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The Communicator NEWS & POLITICS

What’s in a Name?


Photo credit: Sean O'Leary

Written by: Communicator StaffSeptember 11, 2014

Lynn Kies

In October 2012, eighteen year old Nikki Arroyo enlisted herself into The United States Navy. Upon signing her name on the dotted line, she obliged to serve her country.  This included the possibility of death. While she agreed to fight for the freedom and the rights for the people of this great nation, if her life were to be taken while serving her military position, her loss of life wouldn’t have been treated equally as those who have lost their lives prior.

This is because Arroyo, an individual who was willing to serve and potentially give her life for this country and its people, is an individual herself who is denied seemingly simple basic rights. Arroyo is denied the right to marry whom she chooses to share the rest of her life with. She is denied the basic entities of what a marriage has to offer. Arroyo, because she is not a heterosexual individual, is denied the benefits one legally obtains from a legal marriage.

This includes: spousal inheritance, receiving spousal benefits from social security, medicare and disability, obtaining insurance benefits through spousal employers, taking family leave to take care of one’s spouse due to illness, the benefit of consenting to after-death examinations, filing for joint adoption, receiving equitable division of property if one [separates]. Nikki Arroyo does not have the legal right to visit her significant other in the hospital if her “spouse” were on life support and dying. However, Nikki Arroyo can die for her country so other individuals who can get legally married can visit their spouses upon their death beds.

To get married was something Arroyo had a great desire to pursue since she was young. Marriage itself has a different context from person to person. For Arroyo, “Getting married means to me that I actually WANT to spend my life with you. I made a promise and this marriage is me making good on it.” While individuals who pursue their first amendment rights of religious freedom insinuate that same-sex couples are imposing on their religious rights, Arroyo highlights that “It doesn’t matter. Their religious rights are imposing upon my civil ones.” Heterosexual individuals who do not identify with a religious background are not denied the right to legally be married. “When we let religious people dictate our laws, that is how we know that we have seriously crossed the line and have to find a way back to freedom ASAP,” Arroyo said.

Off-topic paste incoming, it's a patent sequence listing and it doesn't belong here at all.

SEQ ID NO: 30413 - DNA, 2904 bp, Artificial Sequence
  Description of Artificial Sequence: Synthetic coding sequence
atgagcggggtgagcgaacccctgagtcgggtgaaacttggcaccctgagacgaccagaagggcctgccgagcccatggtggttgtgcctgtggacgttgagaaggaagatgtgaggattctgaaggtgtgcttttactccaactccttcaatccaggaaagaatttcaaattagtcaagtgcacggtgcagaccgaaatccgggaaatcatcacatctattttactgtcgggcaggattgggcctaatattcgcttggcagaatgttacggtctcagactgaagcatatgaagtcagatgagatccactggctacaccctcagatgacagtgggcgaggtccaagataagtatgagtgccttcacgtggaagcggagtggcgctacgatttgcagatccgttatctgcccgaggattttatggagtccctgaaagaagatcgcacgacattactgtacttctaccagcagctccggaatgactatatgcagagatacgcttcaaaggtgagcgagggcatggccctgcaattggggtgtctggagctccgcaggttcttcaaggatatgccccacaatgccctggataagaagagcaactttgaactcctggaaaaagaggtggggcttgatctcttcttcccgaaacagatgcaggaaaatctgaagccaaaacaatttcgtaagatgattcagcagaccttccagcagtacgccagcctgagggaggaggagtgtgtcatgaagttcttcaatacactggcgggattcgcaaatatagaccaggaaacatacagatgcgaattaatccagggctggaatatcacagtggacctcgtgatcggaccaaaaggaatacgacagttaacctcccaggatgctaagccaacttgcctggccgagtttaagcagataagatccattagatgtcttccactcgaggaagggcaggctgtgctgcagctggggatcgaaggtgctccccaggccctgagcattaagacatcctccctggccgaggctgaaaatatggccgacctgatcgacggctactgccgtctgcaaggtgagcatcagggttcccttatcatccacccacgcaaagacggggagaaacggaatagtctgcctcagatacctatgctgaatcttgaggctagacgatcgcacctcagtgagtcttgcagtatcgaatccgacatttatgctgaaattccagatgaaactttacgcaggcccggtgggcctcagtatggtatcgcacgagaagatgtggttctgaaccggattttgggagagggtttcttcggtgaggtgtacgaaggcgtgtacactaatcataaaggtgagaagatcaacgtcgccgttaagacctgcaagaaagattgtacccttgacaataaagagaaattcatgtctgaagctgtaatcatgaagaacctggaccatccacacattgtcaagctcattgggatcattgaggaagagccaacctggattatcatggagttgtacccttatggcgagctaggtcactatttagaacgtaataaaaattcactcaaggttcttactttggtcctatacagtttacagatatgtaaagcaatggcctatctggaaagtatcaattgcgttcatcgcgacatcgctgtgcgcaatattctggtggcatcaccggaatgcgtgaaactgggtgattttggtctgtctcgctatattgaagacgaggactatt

While Indiana itself has been in the hot seat over the past year due to the fact the ban on same-sex marriages existed, on Sept. 4, 2014, a federal appeals court declared the ban on same-sex marriages to be unconstitutional.

But why marriage? The word marriage itself, as many would defend, is defined as a man and woman. Two individuals of the same gender could just as easily be together and have all the same rights as a married heterosexual couple but define their unity with a different word. Many persons have put forth the argument that Civil Union would be both more appropriate and more acceptable. The dictionary clearly defines a Civil Union as a legally recognized union of a same-sex couple, with rights similar to those of marriage. As individuals in same-sex relationships are often asked whether a Civil Union would be satisfactory instead of the term “marriage” Arroyo doesn’t believe so.

“As people, all we are asking is that it be legal for us to get married. All we want is to actually see the separation between state and religion. It should not be fair that we be handed a Civil Union to appease us and those who oppose to gay marriage. It is not fair that straight people get to decide what we do in our personal lives. I would rather not get married than settle for a Civil Union,” Arroyo said.

In Romeo and Juliet, Juliet proposes “What’s in a name? That which we call a rose by any other name would smell as sweet.” If the metaphor for a rose were to represent what we define as a marriage, then as some would suggest, it shouldn’t matter what word we use to describe a unity between two individuals. But as student Jack Cantey points out “Names and labels are funny things — they simultaneously mean nothing and everything.”

In 2012, Arroyo made the decision to enlist. Being a homosexual individual did not make her any less capable of serving our country. But like so many homosexual couples in our nation today, it does hinder the rights of spouses not legally recognized by the states. Individuals who have been together for years and decades of their lives in committed, but not legally recognized relationships could have everything, including the ability to say goodbye for the last time, taken from them in an instant.

When asked if Arroyo was a human being, she said “no.”